If there is any kind of injury or damage involved in the crash, it’s important to call the police. The police will be able to create an official accident report which can be used for insurance purposes. Without a police report, the other driver may change his or her story later on which could hurt your case.
In addition, you are legally obligated to call the police even in a minor accident. This will allow the police to take statements from witnesses and perform an inspection of the scene to help determine who was responsible for the accident.
It’s also a good idea to call the police if there are any children, pets or disabled adults in your vehicle. This way, you can be sure that they are not left in a hot car after the accident.
Once the police have arrived, you should give them all the information you have collected, including the names and insurance information of everyone involved in the accident. You should also make note of the officer’s name, badge number and police report number if possible. You should also try to get the names and contact information of any witnesses who appear at the scene, as they may be able to provide valuable testimony later on. Once everything is settled, you should get your car out of the road as much as possible so that it does not create a traffic hazard.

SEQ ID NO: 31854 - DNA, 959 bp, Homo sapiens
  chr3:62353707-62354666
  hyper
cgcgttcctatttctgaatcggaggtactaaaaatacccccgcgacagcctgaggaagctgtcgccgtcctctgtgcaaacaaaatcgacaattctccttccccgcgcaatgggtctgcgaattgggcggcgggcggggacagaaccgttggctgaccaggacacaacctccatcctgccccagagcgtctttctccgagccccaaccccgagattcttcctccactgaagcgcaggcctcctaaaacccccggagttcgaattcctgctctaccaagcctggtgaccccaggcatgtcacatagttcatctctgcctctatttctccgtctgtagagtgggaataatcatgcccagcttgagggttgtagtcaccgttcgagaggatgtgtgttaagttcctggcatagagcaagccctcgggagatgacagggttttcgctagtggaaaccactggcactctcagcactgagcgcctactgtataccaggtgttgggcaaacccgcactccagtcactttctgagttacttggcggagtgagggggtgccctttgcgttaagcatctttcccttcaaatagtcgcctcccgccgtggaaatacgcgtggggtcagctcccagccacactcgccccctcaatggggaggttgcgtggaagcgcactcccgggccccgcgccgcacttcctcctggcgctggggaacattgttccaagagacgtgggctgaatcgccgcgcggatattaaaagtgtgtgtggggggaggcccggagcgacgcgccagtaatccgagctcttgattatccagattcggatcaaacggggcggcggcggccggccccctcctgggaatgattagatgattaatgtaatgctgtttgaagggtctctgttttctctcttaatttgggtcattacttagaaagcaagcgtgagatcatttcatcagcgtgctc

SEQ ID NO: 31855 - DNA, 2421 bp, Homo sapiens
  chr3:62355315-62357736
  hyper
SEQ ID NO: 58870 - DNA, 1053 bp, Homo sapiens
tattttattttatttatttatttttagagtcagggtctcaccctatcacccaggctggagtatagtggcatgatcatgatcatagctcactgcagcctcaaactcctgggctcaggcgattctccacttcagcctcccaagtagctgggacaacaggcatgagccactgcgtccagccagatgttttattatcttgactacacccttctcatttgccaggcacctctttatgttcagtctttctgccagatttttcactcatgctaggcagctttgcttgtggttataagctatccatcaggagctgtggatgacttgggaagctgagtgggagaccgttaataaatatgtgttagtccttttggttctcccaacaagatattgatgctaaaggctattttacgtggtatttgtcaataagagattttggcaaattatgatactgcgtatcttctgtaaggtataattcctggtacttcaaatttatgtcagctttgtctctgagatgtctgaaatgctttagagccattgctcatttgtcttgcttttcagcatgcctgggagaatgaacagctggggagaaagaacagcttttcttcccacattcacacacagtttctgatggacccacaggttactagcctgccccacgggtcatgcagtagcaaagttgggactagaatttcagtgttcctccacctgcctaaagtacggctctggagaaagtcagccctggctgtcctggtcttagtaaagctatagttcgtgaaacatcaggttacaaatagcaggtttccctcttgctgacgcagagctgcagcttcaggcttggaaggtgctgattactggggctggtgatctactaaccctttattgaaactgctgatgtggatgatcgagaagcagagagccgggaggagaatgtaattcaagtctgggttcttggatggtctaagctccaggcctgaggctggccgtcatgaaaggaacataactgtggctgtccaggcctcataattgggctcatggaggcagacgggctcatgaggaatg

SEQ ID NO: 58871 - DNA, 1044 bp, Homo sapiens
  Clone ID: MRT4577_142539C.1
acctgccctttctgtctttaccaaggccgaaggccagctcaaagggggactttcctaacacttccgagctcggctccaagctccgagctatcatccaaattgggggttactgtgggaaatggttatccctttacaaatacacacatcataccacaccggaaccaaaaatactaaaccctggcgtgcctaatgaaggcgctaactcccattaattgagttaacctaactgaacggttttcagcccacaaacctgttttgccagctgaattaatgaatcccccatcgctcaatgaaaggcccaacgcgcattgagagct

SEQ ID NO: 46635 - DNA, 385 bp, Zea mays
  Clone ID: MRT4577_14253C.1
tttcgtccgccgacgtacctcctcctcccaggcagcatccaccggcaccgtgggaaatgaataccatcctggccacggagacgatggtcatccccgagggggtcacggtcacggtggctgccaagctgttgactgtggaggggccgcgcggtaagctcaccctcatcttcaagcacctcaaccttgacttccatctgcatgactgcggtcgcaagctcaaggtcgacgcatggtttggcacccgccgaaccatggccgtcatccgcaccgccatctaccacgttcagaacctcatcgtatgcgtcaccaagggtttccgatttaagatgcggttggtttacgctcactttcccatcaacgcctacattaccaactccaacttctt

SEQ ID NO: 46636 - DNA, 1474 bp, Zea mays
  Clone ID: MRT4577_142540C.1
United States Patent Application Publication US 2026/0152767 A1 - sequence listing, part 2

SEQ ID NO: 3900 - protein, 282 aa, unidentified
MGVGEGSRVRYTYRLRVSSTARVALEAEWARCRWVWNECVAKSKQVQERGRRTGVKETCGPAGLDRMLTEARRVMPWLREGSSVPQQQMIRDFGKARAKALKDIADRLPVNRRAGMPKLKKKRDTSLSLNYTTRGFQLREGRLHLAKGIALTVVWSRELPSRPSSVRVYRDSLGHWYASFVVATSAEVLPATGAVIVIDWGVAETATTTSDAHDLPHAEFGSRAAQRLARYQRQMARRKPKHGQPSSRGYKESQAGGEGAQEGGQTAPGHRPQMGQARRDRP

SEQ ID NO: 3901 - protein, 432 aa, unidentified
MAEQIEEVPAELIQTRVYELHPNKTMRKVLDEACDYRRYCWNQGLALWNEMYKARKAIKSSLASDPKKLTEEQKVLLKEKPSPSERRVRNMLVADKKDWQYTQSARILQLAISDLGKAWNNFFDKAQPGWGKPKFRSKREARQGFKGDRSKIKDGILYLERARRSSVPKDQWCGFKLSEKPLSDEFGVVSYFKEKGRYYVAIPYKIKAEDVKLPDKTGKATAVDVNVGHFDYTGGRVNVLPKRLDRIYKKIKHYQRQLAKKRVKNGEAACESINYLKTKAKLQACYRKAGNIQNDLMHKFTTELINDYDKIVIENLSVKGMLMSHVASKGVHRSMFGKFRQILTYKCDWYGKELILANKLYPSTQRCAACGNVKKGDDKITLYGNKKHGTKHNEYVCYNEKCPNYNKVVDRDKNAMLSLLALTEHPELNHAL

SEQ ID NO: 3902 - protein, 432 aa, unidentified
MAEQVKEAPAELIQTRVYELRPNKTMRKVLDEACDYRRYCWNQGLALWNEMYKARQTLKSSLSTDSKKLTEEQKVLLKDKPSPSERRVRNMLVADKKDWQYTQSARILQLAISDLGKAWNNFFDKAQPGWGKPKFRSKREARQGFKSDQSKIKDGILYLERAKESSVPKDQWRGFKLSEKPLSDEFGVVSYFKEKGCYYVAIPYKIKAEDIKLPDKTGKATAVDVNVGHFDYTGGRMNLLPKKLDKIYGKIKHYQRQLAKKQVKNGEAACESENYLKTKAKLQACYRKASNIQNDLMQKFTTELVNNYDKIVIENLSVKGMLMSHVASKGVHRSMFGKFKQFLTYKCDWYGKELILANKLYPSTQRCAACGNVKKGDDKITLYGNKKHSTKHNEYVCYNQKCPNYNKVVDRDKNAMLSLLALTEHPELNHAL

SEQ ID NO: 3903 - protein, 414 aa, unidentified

Contact an Attorney
If police officers come to the scene, ask them to create an official accident report. This will help prevent the other driver from changing their story later and it will be an important document for your insurance company to review.
Use your cell phone or a camera to take pictures of the cars, any skid marks or debris from the accident, and any visible injuries. Make sure to do this from several angles, if possible and safe to do so. You should also note the names, addresses, phone numbers and basic insurance policy information of everyone involved in the accident. It’s also a good idea to get the name, badge number and contact information of any police officers that arrive on the scene.
It is important to stay calm and avoid saying anything that could be interpreted as admitting fault or blaming the other driver for the accident. It is best to have a lawyer speak on your behalf to the other driver’s insurance representative or to their attorney.
You should also find out if the other driver has medical payments coverage in their insurance policy. This is typically called “medpay.” Medpay covers hospital bills, doctor visits and other expenses for injury-related treatment. However, your personal health insurance should be the primary source for paying your medical bills once medpay is exhausted. Keep a file of all accident-related documents and receipts for any expense you incur.